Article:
Passive structure-borne sound isolation reduces noise emissions
The current trend is towards e-mobility. However, with the electrification of vehicle drives other challenges have arisen. For example miscellaneous power units such as air conditioning compressors and brake booster systems generate vibrations from which unpleasant noises can result. Previous solutions have been restricted to very high accuracy in the manufacturing process and the use of specialised lubricants to reduce the running noise. Unfortunately, this helps little against vibration and structure-borne sound being converted to airborne sound.
The wiser choice is NVH (Noise Vibration Harshness) bearings from ROLLAX, that thanks to passive structure-borne sound isolation, can reduce noise levels by as much as 10 dB(A).
An insight into noise generation in motor vehicles.
For those who wish to reduce interior noise levels in motor vehicles must first understand how these noises develop. At this point it is important to differentiate between structure-borne and ultrasonic noise. Structure-borne noise is not audible to us. It is created when a solid body vibrates. An example would be the shaft in an electric motor or a transmission. Where these vibrations meet a resonance body such as the coachwork, door panel or the vehicle bulkhead they are transformed into audible sound. Where the resonance body is positioned near to, or has a rigid connection with, the passenger compartment this is perceived as an annoying noise.
ROLLAX NVH bearings allow an acoustic decoupling of the vibration generator and the resonance body. The acoustically tuned bearings therefore inhibit the transformation of structure-borne noise to airborne noise preventing the problem at point of origin.
A typical application: specialised bearings for servo brake systems
The servo brake system is usually mounted on the bulkhead in front of the brake pedal between the engine and passenger compartment. This permanent connection to the pedal allows the vibration to be transferred to the passenger compartment causing irritating noises. Up until now the solution involved an optimisation in vehicle design. This concept failed because the rigid body of the car and the bulkhead form an ideal resonance body which inevitably transports the vibration into the passenger compartment.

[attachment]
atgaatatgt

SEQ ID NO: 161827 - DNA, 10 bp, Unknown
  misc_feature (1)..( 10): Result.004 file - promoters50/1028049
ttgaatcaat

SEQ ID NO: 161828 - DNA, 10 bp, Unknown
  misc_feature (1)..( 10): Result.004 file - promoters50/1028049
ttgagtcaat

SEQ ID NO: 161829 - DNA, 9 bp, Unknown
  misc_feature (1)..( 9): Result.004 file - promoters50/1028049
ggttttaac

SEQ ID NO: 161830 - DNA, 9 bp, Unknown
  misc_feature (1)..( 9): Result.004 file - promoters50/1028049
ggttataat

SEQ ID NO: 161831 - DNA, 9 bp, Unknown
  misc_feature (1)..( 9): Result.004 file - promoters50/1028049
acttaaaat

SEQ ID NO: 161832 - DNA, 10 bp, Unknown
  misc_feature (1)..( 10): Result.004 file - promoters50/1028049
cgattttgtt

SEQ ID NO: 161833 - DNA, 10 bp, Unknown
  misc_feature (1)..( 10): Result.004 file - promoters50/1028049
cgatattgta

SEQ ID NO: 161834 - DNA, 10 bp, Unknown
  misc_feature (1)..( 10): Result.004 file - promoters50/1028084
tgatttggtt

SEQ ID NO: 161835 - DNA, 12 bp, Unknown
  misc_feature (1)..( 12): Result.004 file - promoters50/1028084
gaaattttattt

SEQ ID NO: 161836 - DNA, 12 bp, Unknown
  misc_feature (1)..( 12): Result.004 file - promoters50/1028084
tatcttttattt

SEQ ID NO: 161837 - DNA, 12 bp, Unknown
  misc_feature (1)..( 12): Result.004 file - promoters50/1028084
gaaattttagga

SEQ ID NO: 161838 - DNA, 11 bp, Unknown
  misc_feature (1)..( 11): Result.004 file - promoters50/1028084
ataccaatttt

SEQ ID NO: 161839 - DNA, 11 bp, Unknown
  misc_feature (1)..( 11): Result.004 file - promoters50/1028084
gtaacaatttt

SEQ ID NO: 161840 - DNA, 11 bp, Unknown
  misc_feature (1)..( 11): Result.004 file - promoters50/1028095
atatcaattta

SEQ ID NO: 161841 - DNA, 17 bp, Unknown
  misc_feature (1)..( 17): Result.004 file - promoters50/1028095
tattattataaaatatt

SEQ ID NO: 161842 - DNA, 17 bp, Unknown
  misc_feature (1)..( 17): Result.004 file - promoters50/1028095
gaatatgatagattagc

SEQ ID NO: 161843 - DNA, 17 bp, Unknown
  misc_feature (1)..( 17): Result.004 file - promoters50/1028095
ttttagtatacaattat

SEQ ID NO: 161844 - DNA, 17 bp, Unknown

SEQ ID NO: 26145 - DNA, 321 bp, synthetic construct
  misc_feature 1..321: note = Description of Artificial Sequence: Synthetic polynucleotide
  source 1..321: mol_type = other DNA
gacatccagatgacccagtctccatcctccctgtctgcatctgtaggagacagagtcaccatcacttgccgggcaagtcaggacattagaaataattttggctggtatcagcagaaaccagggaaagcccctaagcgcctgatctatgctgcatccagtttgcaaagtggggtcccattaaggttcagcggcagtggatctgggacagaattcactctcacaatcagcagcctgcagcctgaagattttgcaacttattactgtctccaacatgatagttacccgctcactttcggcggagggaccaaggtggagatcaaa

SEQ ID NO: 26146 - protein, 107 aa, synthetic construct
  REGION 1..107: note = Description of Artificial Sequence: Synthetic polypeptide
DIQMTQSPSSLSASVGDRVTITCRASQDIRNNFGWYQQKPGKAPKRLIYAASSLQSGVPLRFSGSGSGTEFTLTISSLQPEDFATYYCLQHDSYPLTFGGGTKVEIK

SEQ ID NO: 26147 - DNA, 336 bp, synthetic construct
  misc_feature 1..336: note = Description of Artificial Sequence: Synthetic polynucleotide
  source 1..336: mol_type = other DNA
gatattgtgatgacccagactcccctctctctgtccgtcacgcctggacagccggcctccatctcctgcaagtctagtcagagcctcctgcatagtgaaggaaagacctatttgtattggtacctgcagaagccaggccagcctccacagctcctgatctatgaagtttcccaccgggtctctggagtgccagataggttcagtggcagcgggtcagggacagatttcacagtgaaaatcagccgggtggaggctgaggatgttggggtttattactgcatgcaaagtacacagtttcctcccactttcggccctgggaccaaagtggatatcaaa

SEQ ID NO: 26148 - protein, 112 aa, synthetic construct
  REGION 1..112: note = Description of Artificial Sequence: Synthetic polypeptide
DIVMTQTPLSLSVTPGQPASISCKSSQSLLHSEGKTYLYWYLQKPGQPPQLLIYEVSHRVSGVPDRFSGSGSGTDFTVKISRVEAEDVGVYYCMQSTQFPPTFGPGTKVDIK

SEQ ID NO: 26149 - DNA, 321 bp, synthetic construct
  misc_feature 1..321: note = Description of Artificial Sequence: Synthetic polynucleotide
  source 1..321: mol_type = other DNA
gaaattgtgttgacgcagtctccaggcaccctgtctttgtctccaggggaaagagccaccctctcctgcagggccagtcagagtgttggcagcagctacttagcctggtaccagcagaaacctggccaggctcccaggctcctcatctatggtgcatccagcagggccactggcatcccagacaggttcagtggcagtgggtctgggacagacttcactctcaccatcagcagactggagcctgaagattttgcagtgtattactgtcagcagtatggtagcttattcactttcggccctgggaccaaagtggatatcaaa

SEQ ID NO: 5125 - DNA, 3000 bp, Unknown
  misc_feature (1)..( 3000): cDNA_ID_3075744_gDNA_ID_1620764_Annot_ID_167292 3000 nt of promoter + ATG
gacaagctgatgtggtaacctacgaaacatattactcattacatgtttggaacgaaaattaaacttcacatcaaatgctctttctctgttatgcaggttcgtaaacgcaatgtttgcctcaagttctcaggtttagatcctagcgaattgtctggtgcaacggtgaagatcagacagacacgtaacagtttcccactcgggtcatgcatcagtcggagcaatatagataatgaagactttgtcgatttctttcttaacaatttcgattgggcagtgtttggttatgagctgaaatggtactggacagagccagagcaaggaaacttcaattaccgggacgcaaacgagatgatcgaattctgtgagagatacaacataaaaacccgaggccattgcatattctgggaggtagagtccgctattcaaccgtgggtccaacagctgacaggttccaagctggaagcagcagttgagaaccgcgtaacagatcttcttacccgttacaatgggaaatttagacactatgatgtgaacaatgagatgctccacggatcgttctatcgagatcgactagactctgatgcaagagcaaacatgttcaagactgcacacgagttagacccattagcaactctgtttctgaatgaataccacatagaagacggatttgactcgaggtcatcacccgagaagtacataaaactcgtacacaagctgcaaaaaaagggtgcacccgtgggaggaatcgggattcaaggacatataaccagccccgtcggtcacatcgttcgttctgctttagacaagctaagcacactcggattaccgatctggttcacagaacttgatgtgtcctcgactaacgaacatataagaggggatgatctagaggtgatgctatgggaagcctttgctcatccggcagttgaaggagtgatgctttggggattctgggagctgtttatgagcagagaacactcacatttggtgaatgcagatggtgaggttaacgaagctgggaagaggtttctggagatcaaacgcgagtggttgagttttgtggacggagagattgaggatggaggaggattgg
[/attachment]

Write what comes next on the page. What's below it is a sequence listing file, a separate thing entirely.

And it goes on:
In the ROLLAX recommended decoupling of the vibration generator, by means of an acoustically matched specialised bearing, vibrations are absorbed using a temperature resistant elastomer before they reach the vehicle body. For the best possible adaptation of the NVH bearing to the specific application, ROLLAX analyses the frequency input in order to determine the necessary attenuation parameter. The technology is very flexible and can be adapted to many frequencies and surrounding vehicle parts. The ratio of absorbance to rigidity is also adjustable within the application.
Our ready-to-fit NVH bearing conforms to all normal standards. It requires no additional space and as it is, in size and function, compatible with all conventional bearing standards it can be seamlessly integrated into all manufacturing processes.
Quietly into the future with ROLLAX specialised bearings
Electric drive systems will play an ever increasing role in the future. The significance of NVH bearings in modern mobility will therefore increase proportionately. Extremely low noise emissions, in the passenger compartment, have become a key factor for comfort. As such the optimisation of background noise levels, in motor vehicles, will be of ever greater importance. Our acoustically tuned specialised bearings help you to solve tomorrow’s challenges, today, securing your competitive advantage.